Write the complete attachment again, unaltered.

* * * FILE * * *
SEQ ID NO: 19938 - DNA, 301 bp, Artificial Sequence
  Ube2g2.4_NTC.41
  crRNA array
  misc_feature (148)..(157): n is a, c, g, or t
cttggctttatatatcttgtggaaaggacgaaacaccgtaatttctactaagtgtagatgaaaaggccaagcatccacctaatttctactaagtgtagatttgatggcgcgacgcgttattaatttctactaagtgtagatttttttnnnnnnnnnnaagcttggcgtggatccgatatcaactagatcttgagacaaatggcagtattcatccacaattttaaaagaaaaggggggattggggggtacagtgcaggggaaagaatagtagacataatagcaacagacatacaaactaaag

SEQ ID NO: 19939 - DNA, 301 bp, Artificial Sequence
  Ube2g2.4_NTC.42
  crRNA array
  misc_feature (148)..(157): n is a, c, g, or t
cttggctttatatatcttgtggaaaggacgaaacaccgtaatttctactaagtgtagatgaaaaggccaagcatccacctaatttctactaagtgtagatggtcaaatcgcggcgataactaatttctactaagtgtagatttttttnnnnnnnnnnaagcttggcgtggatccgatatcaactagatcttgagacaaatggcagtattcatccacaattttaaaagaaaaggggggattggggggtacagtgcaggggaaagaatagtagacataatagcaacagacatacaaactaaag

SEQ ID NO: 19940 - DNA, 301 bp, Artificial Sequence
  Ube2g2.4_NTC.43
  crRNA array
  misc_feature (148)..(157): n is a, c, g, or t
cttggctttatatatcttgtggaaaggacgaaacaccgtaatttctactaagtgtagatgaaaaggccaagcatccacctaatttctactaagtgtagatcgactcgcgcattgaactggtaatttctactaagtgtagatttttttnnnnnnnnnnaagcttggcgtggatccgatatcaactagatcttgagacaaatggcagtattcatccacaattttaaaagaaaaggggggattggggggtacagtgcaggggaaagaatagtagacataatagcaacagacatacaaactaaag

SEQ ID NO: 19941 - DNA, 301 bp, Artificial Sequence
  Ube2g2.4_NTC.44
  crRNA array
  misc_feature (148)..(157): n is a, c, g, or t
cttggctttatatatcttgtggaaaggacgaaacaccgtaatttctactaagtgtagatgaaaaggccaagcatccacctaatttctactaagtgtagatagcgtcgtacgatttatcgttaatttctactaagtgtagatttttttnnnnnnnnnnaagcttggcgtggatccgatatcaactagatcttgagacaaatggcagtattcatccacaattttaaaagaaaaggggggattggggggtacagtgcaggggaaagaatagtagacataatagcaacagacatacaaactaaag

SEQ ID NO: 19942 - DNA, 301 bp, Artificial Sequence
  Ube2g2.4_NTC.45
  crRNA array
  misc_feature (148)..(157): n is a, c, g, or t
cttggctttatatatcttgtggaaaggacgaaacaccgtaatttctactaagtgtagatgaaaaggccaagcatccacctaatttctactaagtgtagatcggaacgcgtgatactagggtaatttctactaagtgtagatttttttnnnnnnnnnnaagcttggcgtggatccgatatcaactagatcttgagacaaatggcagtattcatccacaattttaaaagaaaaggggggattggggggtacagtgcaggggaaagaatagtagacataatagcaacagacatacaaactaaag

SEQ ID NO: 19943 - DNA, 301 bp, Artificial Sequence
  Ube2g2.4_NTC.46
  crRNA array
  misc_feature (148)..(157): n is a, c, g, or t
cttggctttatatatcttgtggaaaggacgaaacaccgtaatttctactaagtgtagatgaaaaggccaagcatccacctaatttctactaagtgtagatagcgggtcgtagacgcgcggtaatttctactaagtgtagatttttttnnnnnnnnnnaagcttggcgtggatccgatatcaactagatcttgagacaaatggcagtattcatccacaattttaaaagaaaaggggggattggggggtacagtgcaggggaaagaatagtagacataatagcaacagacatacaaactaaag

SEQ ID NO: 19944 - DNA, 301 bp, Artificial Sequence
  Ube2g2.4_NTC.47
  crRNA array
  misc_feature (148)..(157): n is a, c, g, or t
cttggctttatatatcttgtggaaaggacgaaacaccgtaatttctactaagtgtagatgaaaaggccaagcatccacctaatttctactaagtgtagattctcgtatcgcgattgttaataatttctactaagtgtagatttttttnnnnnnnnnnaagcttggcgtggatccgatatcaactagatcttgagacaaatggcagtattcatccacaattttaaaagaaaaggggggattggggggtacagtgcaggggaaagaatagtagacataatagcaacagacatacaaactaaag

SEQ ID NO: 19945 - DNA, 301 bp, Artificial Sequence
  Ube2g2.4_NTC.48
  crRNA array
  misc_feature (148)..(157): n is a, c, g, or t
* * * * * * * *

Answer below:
SEQ ID NO: 19938 - DNA, 301 bp, Artificial Sequence
  Ube2g2.4_NTC.41
  crRNA array
  misc_feature (148)..(157): n is a, c, g, or t
cttggctttatatatcttgtggaaaggacgaaacaccgtaatttctactaagtgtagatgaaaaggccaagcatccacctaatttctactaagtgtagatttgatggcgcgacgcgttattaatttctactaagtgtagatttttttnnnnnnnnnnaagcttggcgtggatccgatatcaactagatcttgagacaaatggcagtattcatccacaattttaaaagaaaaggggggattggggggtacagtgcaggggaaagaatagtagacataatagcaacagacatacaaactaaag

SEQ ID NO: 19939 - DNA, 301 bp, Artificial Sequence
  Ube2g2.4_NTC.42
  crRNA array
  misc_feature (148)..(157): n is a, c, g, or t
cttggctttatatatcttgtggaaaggacgaaacaccgtaatttctactaagtgtagatgaaaaggccaagcatccacctaatttctactaagtgtagatggtcaaatcgcggcgataactaatttctactaagtgtagatttttttnnnnnnnnnnaagcttggcgtggatccgatatcaactagatcttgagacaaatggcagtattcatccacaattttaaaagaaaaggggggattggggggtacagtgcaggggaaagaatagtagacataatagcaacagacatacaaactaaag

SEQ ID NO: 19940 - DNA, 301 bp, Artificial Sequence
  Ube2g2.4_NTC.43
  crRNA array
  misc_feature (148)..(157): n is a, c, g, or t
cttggctttatatatcttgtggaaaggacgaaacaccgtaatttctactaagtgtagatgaaaaggccaagcatccacctaatttctactaagtgtagatcgactcgcgcattgaactggtaatttctactaagtgtagatttttttnnnnnnnnnnaagcttggcgtggatccgatatcaactagatcttgagacaaatggcagtattcatccacaattttaaaagaaaaggggggattggggggtacagtgcaggggaaagaatagtagacataatagcaacagacatacaaactaaag

SEQ ID NO: 19941 - DNA, 301 bp, Artificial Sequence
  Ube2g2.4_NTC.44
  crRNA array
  misc_feature (148)..(157): n is a, c, g, or t
cttggctttatatatcttgtggaaaggacgaaacaccgtaatttctactaagtgtagatgaaaaggccaagcatccacctaatttctactaagtgtagatagcgtcgtacgatttatcgttaatttctactaagtgtagatttttttnnnnnnnnnnaagcttggcgtggatccgatatcaactagatcttgagacaaatggcagtattcatccacaattttaaaagaaaaggggggattggggggtacagtgcaggggaaagaatagtagacataatagcaacagacatacaaactaaag

SEQ ID NO: 19942 - DNA, 301 bp, Artificial Sequence
  Ube2g2.4_NTC.45
  crRNA array
  misc_feature (148)..(157): n is a, c, g, or t
cttggctttatatatcttgtggaaaggacgaaacaccgtaatttctactaagtgtagatgaaaaggccaagcatccacctaatttctactaagtgtagatcggaacgcgtgatactagggtaatttctactaagtgtagatttttttnnnnnnnnnnaagcttggcgtggatccgatatcaactagatcttgagacaaatggcagtattcatccacaattttaaaagaaaaggggggattggggggtacagtgcaggggaaagaatagtagacataatagcaacagacatacaaactaaag

SEQ ID NO: 19943 - DNA, 301 bp, Artificial Sequence
  Ube2g2.4_NTC.46
  crRNA array
  misc_feature (148)..(157): n is a, c, g, or t
cttggctttatatatcttgtggaaaggacgaaacaccgtaatttctactaagtgtagatgaaaaggccaagcatccacctaatttctactaagtgtagatagcgggtcgtagacgcgcggtaatttctactaagtgtagatttttttnnnnnnnnnnaagcttggcgtggatccgatatcaactagatcttgagacaaatggcagtattcatccacaattttaaaagaaaaggggggattggggggtacagtgcaggggaaagaatagtagacataatagcaacagacatacaaactaaag

SEQ ID NO: 19944 - DNA, 301 bp, Artificial Sequence
  Ube2g2.4_NTC.47
  crRNA array
  misc_feature (148)..(157): n is a, c, g, or t
cttggctttatatatcttgtggaaaggacgaaacaccgtaatttctactaagtgtagatgaaaaggccaagcatccacctaatttctactaagtgtagattctcgtatcgcgattgttaataatttctactaagtgtagatttttttnnnnnnnnnnaagcttggcgtggatccgatatcaactagatcttgagacaaatggcagtattcatccacaattttaaaagaaaaggggggattggggggtacagtgcaggggaaagaatagtagacataatagcaacagacatacaaactaaag

SEQ ID NO: 19945 - DNA, 301 bp, Artificial Sequence
  Ube2g2.4_NTC.48
  crRNA array
  misc_feature (148)..(157): n is a, c, g, or t